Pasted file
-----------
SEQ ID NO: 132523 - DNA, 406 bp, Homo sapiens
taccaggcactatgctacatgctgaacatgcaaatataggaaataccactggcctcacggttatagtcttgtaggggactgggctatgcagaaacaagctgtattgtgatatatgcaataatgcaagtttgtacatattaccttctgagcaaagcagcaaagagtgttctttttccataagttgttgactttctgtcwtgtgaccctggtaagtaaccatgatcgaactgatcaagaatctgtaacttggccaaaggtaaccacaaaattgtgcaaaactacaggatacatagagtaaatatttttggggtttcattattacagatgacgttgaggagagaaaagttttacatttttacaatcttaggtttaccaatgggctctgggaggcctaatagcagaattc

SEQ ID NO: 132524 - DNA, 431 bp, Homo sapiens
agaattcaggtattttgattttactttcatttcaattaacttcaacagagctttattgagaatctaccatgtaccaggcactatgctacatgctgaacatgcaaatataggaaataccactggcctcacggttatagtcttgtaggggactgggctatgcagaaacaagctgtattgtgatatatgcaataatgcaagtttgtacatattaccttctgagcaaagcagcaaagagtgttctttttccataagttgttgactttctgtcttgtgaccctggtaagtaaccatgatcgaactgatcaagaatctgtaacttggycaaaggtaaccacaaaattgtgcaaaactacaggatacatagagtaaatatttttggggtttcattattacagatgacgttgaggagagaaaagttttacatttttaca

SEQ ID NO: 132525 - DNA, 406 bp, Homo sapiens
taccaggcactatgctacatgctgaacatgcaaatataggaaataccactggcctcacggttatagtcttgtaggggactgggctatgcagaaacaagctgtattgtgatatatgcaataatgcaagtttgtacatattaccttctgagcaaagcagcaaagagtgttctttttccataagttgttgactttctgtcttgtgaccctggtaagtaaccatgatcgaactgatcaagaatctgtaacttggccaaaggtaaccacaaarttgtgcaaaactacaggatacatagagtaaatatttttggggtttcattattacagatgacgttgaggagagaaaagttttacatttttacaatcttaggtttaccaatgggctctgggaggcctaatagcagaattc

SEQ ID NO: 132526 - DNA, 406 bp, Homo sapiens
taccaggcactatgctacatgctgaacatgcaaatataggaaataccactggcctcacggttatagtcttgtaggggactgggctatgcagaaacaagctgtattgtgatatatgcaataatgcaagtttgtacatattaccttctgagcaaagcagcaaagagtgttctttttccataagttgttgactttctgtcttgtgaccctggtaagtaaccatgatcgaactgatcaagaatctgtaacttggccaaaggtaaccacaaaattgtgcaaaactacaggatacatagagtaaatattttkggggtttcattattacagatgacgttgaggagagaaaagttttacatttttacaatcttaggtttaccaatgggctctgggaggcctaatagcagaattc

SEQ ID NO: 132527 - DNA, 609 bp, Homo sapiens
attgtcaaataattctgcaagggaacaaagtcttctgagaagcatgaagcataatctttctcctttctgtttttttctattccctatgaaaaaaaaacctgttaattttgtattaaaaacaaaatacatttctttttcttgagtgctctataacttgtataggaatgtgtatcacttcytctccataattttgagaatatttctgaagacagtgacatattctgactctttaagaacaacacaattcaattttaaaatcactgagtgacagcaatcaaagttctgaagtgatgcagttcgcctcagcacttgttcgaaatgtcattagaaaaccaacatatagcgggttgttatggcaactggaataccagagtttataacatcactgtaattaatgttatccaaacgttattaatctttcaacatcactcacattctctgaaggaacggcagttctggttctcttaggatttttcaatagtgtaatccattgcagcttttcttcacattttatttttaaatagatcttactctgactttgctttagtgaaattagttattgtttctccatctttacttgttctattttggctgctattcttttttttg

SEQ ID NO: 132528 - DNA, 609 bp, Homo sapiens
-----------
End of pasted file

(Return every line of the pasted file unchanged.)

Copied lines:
SEQ ID NO: 132523 - DNA, 406 bp, Homo sapiens
taccaggcactatgctacatgctgaacatgcaaatataggaaataccactggcctcacggttatagtcttgtaggggactgggctatgcagaaacaagctgtattgtgatatatgcaataatgcaagtttgtacatattaccttctgagcaaagcagcaaagagtgttctttttccataagttgttgactttctgtcwtgtgaccctggtaagtaaccatgatcgaactgatcaagaatctgtaacttggccaaaggtaaccacaaaattgtgcaaaactacaggatacatagagtaaatatttttggggtttcattattacagatgacgttgaggagagaaaagttttacatttttacaatcttaggtttaccaatgggctctgggaggcctaatagcagaattc

SEQ ID NO: 132524 - DNA, 431 bp, Homo sapiens
agaattcaggtattttgattttactttcatttcaattaacttcaacagagctttattgagaatctaccatgtaccaggcactatgctacatgctgaacatgcaaatataggaaataccactggcctcacggttatagtcttgtaggggactgggctatgcagaaacaagctgtattgtgatatatgcaataatgcaagtttgtacatattaccttctgagcaaagcagcaaagagtgttctttttccataagttgttgactttctgtcttgtgaccctggtaagtaaccatgatcgaactgatcaagaatctgtaacttggycaaaggtaaccacaaaattgtgcaaaactacaggatacatagagtaaatatttttggggtttcattattacagatgacgttgaggagagaaaagttttacatttttaca

SEQ ID NO: 132525 - DNA, 406 bp, Homo sapiens
taccaggcactatgctacatgctgaacatgcaaatataggaaataccactggcctcacggttatagtcttgtaggggactgggctatgcagaaacaagctgtattgtgatatatgcaataatgcaagtttgtacatattaccttctgagcaaagcagcaaagagtgttctttttccataagttgttgactttctgtcttgtgaccctggtaagtaaccatgatcgaactgatcaagaatctgtaacttggccaaaggtaaccacaaarttgtgcaaaactacaggatacatagagtaaatatttttggggtttcattattacagatgacgttgaggagagaaaagttttacatttttacaatcttaggtttaccaatgggctctgggaggcctaatagcagaattc

SEQ ID NO: 132526 - DNA, 406 bp, Homo sapiens
taccaggcactatgctacatgctgaacatgcaaatataggaaataccactggcctcacggttatagtcttgtaggggactgggctatgcagaaacaagctgtattgtgatatatgcaataatgcaagtttgtacatattaccttctgagcaaagcagcaaagagtgttctttttccataagttgttgactttctgtcttgtgaccctggtaagtaaccatgatcgaactgatcaagaatctgtaacttggccaaaggtaaccacaaaattgtgcaaaactacaggatacatagagtaaatattttkggggtttcattattacagatgacgttgaggagagaaaagttttacatttttacaatcttaggtttaccaatgggctctgggaggcctaatagcagaattc

SEQ ID NO: 132527 - DNA, 609 bp, Homo sapiens
attgtcaaataattctgcaagggaacaaagtcttctgagaagcatgaagcataatctttctcctttctgtttttttctattccctatgaaaaaaaaacctgttaattttgtattaaaaacaaaatacatttctttttcttgagtgctctataacttgtataggaatgtgtatcacttcytctccataattttgagaatatttctgaagacagtgacatattctgactctttaagaacaacacaattcaattttaaaatcactgagtgacagcaatcaaagttctgaagtgatgcagttcgcctcagcacttgttcgaaatgtcattagaaaaccaacatatagcgggttgttatggcaactggaataccagagtttataacatcactgtaattaatgttatccaaacgttattaatctttcaacatcactcacattctctgaaggaacggcagttctggttctcttaggatttttcaatagtgtaatccattgcagcttttcttcacattttatttttaaatagatcttactctgactttgctttagtgaaattagttattgtttctccatctttacttgttctattttggctgctattcttttttttg

SEQ ID NO: 132528 - DNA, 609 bp, Homo sapiens